When my mother was pregnant in 1958 she took an experimental drug to quell morning sickness. Seven months later she delivered a daughter with limbs too small to ever be useful.
Leslie never complained about her deformities. Instead she made jokes about them and dreamed of flying.
Once we took a hot-air balloon ride. She tossed sequins over the side. They glittered to the water below.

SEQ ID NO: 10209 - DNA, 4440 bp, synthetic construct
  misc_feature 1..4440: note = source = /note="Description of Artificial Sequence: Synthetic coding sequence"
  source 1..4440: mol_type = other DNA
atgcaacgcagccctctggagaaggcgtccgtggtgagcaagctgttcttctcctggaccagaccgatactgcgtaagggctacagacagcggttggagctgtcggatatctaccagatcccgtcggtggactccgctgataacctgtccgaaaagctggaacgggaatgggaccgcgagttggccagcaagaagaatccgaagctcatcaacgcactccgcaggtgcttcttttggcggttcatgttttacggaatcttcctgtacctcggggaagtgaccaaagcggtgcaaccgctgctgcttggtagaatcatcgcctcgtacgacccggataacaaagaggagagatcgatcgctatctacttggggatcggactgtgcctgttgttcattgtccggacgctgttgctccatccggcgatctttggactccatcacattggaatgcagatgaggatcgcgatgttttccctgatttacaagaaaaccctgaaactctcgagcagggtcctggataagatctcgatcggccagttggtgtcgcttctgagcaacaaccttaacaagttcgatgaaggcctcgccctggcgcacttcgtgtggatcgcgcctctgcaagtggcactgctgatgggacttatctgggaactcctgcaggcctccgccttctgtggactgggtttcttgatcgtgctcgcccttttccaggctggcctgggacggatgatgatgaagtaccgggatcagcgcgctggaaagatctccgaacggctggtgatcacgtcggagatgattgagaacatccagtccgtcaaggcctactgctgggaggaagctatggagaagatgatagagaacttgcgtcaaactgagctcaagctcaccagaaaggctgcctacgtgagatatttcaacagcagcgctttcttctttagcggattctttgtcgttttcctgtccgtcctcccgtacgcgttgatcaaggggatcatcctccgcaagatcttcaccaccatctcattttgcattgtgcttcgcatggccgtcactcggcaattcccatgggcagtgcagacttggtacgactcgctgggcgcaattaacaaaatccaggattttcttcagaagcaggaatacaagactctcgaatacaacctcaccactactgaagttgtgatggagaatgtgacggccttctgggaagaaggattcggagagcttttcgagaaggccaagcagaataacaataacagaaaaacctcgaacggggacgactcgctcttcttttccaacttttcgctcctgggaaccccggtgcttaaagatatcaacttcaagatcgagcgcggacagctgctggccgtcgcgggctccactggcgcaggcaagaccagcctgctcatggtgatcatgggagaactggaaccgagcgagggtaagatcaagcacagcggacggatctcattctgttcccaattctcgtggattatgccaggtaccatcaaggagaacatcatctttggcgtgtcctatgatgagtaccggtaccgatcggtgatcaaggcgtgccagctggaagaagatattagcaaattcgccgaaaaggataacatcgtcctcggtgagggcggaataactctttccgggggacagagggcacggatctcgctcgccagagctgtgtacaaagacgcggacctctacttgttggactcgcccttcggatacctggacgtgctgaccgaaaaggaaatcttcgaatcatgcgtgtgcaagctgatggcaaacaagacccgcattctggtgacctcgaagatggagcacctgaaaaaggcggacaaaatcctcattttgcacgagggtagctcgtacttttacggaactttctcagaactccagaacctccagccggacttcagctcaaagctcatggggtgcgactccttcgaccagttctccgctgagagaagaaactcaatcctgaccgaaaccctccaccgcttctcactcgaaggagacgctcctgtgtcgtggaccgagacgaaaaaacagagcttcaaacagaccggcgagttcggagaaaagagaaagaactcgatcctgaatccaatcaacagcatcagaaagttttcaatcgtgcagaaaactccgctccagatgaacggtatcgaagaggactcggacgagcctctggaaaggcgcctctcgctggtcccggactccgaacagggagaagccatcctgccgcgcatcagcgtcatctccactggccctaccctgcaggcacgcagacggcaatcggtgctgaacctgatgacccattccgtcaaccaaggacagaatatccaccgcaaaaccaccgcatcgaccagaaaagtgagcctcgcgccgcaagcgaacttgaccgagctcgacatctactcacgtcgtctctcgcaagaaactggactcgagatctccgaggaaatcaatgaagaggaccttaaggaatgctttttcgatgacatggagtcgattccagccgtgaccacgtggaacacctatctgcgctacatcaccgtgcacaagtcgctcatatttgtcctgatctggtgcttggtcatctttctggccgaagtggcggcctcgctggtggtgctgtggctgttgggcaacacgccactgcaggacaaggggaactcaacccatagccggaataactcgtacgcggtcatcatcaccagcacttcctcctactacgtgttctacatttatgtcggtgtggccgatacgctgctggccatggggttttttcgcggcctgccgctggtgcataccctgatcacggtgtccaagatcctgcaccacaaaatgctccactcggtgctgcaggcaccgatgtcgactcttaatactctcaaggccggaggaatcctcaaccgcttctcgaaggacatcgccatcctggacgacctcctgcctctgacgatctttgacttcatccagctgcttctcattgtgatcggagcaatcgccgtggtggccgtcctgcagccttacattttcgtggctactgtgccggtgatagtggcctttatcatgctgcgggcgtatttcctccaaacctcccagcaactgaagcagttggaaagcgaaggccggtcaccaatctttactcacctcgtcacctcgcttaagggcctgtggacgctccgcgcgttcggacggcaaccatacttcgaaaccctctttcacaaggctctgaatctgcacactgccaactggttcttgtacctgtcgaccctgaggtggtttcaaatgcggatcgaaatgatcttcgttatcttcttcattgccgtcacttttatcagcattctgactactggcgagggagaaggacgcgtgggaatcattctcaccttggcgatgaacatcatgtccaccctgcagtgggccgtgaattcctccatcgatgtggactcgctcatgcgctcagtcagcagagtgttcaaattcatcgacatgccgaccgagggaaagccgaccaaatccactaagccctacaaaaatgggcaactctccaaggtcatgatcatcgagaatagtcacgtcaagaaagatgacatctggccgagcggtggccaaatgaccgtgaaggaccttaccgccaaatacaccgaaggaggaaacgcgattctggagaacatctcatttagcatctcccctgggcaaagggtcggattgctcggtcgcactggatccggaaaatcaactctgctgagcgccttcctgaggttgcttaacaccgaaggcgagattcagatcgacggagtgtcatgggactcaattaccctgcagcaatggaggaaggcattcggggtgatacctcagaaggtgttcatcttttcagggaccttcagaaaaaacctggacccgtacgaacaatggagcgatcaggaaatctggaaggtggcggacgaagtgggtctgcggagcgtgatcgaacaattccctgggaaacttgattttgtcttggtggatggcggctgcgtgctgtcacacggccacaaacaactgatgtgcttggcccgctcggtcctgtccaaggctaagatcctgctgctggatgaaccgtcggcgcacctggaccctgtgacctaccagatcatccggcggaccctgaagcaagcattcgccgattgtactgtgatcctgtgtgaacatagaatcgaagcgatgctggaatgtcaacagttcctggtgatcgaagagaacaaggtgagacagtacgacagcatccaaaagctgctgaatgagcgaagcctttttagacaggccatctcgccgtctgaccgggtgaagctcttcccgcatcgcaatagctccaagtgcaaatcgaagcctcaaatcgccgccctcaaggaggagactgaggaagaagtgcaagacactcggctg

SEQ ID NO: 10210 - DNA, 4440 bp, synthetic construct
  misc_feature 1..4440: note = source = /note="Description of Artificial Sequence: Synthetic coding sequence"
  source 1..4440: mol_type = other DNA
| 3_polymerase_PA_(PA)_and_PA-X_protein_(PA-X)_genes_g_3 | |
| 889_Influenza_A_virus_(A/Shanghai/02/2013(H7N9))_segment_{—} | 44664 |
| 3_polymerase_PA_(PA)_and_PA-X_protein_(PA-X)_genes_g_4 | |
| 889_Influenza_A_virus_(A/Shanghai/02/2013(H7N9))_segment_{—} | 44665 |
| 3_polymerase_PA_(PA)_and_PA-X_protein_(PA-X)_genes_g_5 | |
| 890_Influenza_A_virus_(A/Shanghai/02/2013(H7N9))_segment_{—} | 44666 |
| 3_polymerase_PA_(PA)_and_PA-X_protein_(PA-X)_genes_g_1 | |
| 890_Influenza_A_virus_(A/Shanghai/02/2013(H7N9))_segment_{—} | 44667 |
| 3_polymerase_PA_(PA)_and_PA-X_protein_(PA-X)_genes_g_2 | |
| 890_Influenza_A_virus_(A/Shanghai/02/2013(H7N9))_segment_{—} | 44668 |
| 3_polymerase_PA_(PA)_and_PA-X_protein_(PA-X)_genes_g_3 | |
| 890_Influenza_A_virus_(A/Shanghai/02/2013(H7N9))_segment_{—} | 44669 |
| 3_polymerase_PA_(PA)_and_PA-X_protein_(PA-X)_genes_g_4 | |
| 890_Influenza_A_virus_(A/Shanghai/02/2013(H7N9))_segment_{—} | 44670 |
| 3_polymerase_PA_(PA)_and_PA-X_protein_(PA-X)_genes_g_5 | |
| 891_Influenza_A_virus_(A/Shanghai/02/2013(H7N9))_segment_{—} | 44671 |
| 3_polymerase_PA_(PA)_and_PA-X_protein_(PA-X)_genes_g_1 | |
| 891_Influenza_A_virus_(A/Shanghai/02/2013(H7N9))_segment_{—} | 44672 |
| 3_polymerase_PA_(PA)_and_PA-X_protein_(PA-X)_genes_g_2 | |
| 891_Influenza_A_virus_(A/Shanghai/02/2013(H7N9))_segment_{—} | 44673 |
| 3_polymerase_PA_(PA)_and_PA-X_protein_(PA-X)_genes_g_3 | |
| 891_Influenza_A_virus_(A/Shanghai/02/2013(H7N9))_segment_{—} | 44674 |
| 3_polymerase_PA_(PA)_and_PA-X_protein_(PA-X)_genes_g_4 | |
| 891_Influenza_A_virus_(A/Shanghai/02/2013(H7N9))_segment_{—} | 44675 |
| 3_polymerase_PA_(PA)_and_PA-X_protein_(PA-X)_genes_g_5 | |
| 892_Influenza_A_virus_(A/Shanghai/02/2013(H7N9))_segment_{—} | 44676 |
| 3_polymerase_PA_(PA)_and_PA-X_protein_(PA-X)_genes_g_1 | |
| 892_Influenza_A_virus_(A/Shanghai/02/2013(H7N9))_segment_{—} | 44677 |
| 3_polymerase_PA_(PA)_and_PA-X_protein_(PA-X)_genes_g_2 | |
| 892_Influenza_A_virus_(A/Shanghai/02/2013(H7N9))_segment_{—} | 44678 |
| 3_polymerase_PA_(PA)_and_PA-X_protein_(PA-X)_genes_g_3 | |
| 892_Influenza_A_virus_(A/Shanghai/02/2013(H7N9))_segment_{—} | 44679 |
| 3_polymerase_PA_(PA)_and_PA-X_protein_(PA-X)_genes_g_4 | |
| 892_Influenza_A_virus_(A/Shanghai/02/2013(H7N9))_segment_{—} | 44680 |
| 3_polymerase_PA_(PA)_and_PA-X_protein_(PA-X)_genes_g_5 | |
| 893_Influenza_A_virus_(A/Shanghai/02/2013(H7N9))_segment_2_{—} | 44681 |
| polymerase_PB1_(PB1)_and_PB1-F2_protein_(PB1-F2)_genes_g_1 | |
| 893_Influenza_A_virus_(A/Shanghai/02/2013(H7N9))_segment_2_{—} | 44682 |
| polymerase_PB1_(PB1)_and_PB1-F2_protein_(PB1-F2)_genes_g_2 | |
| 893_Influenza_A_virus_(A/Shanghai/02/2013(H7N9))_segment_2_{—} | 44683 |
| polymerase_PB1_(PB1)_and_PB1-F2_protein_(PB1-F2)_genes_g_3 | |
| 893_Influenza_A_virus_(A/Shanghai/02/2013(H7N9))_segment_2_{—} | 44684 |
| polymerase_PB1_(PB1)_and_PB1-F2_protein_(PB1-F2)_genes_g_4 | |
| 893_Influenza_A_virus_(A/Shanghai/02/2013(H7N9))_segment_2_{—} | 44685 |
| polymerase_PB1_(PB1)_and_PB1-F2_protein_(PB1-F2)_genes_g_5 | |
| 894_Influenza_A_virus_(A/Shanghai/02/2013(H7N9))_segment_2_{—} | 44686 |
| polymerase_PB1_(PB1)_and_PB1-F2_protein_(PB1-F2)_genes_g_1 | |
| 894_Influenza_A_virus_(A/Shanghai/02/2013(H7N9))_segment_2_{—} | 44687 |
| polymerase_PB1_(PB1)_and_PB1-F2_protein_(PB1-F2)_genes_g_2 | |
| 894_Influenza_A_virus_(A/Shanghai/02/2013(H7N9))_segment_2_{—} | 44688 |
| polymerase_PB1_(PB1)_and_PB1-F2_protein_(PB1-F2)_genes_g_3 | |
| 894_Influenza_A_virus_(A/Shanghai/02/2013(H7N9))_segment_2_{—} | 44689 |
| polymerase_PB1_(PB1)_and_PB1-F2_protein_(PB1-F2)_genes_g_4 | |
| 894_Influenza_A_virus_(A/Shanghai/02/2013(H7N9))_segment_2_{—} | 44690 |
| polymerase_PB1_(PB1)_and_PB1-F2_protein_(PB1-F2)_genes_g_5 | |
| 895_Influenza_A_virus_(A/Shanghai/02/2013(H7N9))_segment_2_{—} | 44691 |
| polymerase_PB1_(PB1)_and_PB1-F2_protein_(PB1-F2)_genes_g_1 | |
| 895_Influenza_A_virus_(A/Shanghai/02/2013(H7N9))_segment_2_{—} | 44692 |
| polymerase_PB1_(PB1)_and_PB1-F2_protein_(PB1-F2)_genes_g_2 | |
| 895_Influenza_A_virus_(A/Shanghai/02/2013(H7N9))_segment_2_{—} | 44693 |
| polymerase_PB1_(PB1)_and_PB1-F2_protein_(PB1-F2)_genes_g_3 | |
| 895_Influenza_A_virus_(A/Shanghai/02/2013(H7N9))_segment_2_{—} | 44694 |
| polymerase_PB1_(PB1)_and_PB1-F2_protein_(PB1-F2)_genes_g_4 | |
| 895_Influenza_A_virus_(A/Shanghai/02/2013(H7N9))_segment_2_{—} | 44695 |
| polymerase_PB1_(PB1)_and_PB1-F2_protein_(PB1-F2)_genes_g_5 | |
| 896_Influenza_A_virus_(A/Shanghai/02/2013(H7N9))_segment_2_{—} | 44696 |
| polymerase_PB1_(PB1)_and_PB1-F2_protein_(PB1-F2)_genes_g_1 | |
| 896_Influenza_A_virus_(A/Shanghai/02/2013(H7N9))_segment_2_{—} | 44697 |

“In my next life,” she said, “I want to be a bird.”
From the same balloon I pour out her ashes. Mixed with sequins they spangle the sky.
Today my sister is free!